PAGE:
Chipmaker reportedly hired relatives of Chinese officials and splashed out on gifts for telecoms executives
Qualcomm has been hit by a $7.5m fine by the US Securities and Exchange Commission (SEC) following allegations of bribery in its practices in China.
The US chipmaker, which supplies processors and modems to many of the world’s leading smartphones and tablets, had been accused of hiring younger relatives of Chinese government officials in order to get preferential treatment.
The SEC investigation found that Qualcomm also provided gifts, travel and entertainment to try and influence officials at some of China’s top telecoms companies, including one instance where a Qualcomm executive personally provided an official’s son with a $70,000 loan in order to buy a home.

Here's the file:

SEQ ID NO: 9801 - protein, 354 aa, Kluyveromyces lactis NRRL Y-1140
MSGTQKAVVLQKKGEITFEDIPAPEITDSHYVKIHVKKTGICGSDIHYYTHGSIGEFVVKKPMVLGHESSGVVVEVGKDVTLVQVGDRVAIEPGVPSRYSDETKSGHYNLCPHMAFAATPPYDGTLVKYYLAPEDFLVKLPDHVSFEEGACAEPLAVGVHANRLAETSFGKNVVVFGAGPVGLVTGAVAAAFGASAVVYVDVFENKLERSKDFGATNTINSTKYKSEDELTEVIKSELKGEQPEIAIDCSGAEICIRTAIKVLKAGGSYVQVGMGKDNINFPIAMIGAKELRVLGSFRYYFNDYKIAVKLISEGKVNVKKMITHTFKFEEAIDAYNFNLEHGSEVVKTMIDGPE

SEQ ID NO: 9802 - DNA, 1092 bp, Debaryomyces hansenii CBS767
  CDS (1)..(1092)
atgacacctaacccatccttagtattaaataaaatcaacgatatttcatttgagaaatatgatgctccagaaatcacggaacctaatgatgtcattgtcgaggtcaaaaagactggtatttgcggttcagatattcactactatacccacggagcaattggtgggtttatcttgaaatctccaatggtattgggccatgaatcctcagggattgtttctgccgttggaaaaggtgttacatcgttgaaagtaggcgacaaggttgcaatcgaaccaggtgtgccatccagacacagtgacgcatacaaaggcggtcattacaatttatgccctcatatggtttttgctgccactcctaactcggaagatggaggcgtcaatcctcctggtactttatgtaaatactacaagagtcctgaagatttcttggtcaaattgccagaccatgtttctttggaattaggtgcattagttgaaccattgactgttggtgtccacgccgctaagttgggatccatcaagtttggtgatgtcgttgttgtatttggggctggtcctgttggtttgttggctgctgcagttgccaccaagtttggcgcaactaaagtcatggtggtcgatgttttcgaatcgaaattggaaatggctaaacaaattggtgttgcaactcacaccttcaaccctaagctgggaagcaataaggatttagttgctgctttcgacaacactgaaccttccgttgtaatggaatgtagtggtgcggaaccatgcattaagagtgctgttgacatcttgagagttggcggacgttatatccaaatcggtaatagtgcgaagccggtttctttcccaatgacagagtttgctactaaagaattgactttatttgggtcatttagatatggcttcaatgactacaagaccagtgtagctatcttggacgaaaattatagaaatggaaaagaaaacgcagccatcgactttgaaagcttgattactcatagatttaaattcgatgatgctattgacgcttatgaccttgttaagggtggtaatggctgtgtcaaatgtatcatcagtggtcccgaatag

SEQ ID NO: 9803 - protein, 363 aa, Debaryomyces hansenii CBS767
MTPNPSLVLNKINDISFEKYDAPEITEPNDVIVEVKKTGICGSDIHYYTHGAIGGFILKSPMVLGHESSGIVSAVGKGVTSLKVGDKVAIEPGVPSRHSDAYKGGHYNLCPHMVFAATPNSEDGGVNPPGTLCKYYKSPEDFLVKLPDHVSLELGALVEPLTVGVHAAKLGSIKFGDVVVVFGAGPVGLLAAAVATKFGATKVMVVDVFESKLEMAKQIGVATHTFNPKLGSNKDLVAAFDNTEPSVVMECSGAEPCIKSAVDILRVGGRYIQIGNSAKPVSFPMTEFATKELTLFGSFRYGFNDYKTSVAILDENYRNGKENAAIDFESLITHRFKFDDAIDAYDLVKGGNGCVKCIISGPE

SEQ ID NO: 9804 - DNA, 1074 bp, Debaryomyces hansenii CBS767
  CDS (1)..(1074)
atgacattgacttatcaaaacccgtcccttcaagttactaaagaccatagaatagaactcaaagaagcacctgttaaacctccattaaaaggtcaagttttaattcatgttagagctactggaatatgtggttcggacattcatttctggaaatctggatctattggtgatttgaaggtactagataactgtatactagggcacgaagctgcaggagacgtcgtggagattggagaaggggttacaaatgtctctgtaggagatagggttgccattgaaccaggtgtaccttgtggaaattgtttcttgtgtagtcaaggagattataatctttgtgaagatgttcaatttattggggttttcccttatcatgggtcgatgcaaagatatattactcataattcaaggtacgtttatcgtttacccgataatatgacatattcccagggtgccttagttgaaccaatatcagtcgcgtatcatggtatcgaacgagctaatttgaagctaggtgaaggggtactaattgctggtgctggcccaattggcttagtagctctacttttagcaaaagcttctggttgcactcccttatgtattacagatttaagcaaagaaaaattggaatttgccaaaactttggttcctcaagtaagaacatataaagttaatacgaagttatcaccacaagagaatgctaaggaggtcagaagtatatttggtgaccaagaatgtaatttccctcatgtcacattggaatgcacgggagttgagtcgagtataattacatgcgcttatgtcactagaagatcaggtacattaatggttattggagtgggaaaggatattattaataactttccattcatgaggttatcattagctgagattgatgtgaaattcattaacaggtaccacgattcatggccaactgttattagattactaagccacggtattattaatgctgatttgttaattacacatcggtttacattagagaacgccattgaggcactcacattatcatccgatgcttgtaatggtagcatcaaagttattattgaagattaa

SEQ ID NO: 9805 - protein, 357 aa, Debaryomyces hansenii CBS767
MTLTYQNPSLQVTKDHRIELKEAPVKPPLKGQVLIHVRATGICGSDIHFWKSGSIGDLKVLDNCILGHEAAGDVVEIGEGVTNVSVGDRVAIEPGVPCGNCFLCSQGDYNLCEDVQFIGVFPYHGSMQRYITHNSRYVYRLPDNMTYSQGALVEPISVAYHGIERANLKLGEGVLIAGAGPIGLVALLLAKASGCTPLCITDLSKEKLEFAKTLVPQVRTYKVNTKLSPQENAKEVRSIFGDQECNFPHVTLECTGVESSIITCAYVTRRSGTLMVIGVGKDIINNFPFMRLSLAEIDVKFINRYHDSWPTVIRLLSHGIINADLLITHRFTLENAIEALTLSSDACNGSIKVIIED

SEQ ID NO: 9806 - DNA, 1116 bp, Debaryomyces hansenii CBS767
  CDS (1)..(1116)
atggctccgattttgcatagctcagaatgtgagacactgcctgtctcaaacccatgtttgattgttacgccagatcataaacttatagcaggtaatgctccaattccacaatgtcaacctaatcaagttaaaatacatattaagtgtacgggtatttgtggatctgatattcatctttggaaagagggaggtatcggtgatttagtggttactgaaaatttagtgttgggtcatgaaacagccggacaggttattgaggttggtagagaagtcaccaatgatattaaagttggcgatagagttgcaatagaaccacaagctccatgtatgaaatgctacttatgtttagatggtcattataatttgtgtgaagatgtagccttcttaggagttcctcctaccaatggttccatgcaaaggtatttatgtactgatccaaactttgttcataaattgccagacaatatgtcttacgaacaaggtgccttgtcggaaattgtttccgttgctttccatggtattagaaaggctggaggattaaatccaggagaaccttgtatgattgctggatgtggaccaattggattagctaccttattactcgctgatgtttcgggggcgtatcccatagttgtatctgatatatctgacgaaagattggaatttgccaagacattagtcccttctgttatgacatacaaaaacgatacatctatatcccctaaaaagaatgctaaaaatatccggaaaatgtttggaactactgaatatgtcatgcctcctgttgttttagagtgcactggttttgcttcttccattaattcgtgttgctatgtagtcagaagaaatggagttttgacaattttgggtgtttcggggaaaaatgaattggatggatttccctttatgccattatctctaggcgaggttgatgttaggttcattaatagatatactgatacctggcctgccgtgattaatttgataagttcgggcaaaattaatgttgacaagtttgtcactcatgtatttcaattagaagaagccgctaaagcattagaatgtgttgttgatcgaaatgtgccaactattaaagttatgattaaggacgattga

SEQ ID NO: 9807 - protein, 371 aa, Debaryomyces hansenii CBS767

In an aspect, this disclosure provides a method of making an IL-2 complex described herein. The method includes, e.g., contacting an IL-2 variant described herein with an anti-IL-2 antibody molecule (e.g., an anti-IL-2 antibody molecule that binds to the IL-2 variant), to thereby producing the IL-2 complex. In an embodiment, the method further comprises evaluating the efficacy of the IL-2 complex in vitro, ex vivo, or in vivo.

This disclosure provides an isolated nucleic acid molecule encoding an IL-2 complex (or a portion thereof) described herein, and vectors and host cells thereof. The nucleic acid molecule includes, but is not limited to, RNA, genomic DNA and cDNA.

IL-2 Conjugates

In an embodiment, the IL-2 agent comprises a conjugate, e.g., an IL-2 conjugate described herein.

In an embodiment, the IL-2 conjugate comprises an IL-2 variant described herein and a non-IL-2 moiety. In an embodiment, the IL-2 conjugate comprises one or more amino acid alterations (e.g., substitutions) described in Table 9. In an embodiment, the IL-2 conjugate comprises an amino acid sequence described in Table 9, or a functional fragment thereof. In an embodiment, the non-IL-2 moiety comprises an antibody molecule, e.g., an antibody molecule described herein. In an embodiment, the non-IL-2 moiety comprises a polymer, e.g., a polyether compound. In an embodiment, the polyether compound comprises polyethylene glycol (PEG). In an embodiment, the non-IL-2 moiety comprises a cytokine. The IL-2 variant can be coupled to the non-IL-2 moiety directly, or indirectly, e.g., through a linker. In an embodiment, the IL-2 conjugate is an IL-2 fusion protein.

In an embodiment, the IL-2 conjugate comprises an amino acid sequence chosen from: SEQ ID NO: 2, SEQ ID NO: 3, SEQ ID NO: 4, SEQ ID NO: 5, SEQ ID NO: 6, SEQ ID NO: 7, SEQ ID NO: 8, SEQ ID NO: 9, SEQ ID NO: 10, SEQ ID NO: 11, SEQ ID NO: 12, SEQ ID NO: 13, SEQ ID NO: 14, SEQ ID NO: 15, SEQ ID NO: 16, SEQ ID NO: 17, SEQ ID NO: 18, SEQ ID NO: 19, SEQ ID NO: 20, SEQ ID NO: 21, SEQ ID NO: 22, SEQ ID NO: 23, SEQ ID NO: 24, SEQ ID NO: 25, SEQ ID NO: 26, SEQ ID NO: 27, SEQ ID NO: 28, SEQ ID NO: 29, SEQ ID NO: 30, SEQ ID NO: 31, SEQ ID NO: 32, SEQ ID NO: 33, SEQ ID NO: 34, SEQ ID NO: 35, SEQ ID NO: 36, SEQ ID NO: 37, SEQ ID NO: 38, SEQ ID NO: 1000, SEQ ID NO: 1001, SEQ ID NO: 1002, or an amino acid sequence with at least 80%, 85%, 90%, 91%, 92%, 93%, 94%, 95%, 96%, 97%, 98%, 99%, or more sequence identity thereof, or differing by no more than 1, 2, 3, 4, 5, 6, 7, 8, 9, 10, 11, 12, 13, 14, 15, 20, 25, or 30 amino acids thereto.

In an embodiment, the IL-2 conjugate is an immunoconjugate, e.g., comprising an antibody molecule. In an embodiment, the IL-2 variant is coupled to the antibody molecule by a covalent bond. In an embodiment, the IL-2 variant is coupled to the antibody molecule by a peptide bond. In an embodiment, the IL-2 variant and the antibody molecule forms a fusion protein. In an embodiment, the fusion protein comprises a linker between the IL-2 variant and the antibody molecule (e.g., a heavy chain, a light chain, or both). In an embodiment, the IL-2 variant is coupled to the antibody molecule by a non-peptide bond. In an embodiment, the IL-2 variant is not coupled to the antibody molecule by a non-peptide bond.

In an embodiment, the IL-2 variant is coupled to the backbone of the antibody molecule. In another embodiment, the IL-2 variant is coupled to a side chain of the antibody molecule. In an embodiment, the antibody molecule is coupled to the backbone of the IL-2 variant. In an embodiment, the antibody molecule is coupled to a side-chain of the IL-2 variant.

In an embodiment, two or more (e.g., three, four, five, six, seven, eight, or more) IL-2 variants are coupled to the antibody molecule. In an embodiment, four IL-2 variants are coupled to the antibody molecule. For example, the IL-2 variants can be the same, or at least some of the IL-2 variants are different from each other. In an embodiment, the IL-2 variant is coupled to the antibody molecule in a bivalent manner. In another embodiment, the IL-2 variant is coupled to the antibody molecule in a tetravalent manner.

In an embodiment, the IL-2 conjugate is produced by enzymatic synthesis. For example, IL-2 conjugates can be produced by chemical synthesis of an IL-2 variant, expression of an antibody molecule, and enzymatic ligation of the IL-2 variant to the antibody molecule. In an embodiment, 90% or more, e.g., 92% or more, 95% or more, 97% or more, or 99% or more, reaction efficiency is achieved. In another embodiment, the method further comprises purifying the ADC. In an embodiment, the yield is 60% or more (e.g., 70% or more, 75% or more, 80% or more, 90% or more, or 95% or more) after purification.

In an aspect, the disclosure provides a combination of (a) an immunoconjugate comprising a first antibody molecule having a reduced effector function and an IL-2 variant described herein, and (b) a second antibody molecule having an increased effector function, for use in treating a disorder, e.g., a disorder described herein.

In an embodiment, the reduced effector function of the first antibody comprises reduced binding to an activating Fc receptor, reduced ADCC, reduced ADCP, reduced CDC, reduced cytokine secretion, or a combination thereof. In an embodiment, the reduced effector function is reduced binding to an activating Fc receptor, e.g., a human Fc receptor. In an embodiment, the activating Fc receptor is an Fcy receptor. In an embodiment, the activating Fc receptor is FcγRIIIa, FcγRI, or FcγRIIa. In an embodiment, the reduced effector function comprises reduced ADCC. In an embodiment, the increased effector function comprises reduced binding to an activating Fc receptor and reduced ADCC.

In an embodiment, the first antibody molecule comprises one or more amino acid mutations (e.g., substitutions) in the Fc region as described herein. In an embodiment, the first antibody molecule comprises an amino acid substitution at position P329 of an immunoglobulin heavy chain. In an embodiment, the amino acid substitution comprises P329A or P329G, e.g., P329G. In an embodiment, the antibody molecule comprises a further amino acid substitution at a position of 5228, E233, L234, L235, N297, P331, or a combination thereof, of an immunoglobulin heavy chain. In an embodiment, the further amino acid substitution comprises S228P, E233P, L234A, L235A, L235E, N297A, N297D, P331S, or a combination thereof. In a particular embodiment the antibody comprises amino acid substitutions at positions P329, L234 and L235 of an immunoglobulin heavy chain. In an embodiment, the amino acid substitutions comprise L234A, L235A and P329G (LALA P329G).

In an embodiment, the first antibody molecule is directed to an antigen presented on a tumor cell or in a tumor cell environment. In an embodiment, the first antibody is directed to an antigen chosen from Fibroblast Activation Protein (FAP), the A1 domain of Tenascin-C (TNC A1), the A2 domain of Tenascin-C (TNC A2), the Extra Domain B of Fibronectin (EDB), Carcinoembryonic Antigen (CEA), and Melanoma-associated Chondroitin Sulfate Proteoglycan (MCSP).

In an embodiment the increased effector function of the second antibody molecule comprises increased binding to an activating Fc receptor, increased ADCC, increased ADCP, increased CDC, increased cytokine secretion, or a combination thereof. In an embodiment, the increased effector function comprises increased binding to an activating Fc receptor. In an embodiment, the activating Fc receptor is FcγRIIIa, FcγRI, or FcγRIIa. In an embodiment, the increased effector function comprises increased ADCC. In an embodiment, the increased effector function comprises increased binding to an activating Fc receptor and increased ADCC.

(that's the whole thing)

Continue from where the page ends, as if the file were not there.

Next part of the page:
Above and beyond
Michele Wein Layne, director of the SEC’s Los Angeles Regional Office, said that Qualcomm went to “extraordinary lengths” to gain a business advantage for more than a decade, actions which ultimately violated the Foreign Corrupt Practices Act (FCPA).
Qualcomm, which says it does not admit or deny the SEC’s findings, will now report regularly over the next years to the SEC in the future regarding its adherence to the FCPA.
“Qualcomm is pleased to have put this matter behind us. We remain committed to ethical conduct and compliance with all laws and regulations, and will continue to be vigilant about FCPA compliance,” said Don Rosenberg, Qualcomm’s executive vice president and general counsel.
The ruling is one of several cases currently involving Qualcomm, as back in July 2015, the company was hit with two EU charges amid accusations that it tried to price rivals out of the mobile device industry and abused its position as a leader in the production of semiconductors.
It was also previously engaged in a similar investigation by Chinese authorities following claims that the company reportedly charged higher prices to Chinese companies than in other countries.
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